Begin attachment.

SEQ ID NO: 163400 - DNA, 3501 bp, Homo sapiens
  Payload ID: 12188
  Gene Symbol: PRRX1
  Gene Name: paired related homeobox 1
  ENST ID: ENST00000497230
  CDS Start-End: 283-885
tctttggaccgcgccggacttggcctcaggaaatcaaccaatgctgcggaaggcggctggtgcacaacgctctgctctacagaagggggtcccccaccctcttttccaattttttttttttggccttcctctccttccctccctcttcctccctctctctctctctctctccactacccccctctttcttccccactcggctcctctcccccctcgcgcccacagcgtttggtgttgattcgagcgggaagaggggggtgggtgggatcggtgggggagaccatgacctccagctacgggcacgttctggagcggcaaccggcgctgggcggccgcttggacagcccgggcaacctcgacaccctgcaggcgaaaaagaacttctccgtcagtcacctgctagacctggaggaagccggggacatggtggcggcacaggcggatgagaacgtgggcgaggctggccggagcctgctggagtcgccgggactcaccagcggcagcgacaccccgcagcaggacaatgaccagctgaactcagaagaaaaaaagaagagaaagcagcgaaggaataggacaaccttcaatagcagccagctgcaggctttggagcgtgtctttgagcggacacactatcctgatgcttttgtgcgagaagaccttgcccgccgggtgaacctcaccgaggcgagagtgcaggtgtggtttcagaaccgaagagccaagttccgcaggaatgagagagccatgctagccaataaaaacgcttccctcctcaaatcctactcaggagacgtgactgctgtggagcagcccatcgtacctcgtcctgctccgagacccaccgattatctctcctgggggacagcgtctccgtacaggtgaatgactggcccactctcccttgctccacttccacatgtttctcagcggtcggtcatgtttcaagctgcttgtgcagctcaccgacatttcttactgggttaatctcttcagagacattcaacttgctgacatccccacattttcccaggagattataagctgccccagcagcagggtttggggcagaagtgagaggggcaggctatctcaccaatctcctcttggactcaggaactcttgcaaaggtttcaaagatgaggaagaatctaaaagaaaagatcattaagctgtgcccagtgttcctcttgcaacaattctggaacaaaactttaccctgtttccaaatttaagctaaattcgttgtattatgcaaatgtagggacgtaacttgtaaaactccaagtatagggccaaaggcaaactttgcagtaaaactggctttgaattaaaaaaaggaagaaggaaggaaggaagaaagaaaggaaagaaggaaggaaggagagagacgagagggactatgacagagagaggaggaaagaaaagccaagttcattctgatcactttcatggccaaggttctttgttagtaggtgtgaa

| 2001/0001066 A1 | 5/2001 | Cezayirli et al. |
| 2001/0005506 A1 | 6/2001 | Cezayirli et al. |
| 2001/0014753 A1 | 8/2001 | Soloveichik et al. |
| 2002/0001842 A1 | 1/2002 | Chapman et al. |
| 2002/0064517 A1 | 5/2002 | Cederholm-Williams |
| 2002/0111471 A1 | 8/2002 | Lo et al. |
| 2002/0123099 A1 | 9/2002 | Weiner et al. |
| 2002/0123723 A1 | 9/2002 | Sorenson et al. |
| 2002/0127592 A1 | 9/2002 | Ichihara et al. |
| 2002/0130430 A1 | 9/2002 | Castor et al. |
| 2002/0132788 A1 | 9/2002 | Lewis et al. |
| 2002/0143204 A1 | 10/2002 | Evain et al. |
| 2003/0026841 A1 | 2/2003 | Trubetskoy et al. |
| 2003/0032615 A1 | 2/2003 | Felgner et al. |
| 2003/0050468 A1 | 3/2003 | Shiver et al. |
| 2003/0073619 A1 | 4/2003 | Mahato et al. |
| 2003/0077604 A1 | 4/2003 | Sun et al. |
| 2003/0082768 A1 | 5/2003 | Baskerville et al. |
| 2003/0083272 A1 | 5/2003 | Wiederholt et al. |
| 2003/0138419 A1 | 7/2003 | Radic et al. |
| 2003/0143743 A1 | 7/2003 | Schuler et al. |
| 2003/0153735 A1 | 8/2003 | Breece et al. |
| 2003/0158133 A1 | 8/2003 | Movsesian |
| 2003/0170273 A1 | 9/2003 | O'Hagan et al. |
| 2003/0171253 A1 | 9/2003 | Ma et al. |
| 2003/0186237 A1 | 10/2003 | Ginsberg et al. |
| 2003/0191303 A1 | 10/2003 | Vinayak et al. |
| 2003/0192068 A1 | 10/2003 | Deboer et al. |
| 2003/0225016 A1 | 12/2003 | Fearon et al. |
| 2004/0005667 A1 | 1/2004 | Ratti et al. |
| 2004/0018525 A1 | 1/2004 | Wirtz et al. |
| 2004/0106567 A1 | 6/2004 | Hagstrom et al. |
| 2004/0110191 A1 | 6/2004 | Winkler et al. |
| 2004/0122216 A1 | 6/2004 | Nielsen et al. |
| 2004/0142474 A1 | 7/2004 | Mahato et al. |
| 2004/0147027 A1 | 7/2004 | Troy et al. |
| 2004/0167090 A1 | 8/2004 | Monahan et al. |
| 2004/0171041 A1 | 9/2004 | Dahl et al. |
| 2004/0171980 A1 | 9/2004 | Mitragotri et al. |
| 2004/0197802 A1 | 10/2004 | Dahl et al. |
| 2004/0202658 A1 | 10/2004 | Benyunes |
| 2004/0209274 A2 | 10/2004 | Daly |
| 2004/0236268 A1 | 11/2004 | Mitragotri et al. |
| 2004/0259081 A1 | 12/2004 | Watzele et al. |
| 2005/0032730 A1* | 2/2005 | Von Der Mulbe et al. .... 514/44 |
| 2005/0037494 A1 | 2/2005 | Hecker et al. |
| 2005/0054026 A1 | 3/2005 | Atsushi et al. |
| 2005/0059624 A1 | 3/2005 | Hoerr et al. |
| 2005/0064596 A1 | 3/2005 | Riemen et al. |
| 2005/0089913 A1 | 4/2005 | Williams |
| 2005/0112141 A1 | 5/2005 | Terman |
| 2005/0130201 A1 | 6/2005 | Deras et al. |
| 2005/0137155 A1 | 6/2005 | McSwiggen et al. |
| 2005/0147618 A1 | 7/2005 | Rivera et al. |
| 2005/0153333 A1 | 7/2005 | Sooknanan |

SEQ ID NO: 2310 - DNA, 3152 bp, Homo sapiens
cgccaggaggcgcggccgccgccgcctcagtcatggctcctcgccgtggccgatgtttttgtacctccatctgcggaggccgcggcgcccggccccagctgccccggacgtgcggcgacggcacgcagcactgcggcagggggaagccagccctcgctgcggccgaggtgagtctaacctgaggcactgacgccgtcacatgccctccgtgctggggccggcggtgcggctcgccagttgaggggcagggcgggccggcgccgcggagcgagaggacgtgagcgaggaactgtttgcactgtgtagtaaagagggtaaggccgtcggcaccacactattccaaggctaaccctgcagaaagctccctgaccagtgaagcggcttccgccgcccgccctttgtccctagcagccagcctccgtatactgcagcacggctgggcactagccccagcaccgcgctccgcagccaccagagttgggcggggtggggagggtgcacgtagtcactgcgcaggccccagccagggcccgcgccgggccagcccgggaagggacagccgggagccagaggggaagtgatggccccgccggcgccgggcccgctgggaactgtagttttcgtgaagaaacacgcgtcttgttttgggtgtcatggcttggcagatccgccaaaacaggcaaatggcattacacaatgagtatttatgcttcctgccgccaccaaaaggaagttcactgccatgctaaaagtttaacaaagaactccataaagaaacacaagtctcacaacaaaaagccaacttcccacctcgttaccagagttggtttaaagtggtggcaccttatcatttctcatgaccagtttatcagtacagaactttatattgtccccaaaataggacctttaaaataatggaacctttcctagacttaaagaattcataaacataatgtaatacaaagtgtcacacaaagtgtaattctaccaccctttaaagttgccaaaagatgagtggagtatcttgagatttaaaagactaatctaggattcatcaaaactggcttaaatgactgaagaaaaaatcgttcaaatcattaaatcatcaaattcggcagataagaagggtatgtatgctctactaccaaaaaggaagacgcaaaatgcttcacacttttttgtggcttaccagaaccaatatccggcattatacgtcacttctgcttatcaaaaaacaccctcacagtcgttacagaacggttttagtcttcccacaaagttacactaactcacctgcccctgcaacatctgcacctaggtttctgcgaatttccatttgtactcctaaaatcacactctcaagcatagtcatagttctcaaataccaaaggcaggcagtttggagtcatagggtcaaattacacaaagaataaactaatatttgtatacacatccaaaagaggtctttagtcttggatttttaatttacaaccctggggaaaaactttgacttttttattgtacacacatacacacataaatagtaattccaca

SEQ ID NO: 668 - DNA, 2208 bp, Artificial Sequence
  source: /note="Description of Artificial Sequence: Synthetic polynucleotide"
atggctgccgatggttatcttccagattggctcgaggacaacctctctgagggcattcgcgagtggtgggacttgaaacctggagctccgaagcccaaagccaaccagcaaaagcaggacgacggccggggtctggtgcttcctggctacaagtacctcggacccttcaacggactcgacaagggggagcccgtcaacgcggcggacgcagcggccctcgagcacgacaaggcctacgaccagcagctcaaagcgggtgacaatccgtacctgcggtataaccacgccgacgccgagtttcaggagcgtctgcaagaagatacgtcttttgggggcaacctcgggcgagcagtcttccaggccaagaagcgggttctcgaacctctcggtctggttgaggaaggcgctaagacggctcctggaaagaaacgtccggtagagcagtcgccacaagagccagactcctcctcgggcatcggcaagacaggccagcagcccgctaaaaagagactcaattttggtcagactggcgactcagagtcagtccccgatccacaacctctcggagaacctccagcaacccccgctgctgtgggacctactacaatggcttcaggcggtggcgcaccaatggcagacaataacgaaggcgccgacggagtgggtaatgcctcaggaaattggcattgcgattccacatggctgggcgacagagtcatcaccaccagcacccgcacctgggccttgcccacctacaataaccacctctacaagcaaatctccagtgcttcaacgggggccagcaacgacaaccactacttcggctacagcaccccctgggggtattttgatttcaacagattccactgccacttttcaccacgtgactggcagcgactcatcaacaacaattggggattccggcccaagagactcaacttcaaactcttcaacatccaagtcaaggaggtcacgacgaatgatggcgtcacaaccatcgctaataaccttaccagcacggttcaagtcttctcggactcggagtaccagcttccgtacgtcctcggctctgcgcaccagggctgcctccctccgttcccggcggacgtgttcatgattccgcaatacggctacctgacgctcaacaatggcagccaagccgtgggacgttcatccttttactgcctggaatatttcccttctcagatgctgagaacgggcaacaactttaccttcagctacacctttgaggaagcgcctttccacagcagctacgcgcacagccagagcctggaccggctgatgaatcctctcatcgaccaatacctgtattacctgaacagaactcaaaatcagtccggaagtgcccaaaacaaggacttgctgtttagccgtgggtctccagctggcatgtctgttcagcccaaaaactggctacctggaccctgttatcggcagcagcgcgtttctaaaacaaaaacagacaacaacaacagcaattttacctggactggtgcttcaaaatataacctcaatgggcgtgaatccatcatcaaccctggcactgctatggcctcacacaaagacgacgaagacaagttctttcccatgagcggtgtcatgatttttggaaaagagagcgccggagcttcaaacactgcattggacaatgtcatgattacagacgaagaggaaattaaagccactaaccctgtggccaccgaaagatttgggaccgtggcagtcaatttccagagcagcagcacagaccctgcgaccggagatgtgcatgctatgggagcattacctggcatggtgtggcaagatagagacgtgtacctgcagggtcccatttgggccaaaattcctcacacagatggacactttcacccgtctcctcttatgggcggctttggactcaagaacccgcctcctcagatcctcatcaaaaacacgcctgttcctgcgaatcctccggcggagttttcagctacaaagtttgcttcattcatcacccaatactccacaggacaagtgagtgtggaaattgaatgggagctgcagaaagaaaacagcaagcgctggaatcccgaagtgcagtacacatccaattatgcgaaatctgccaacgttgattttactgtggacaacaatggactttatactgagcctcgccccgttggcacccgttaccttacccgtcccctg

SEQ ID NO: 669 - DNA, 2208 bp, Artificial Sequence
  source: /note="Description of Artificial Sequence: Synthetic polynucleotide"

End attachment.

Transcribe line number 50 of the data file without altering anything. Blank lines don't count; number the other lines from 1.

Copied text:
| 2004/0236268 A1 | 11/2004 | Mitragotri et al. |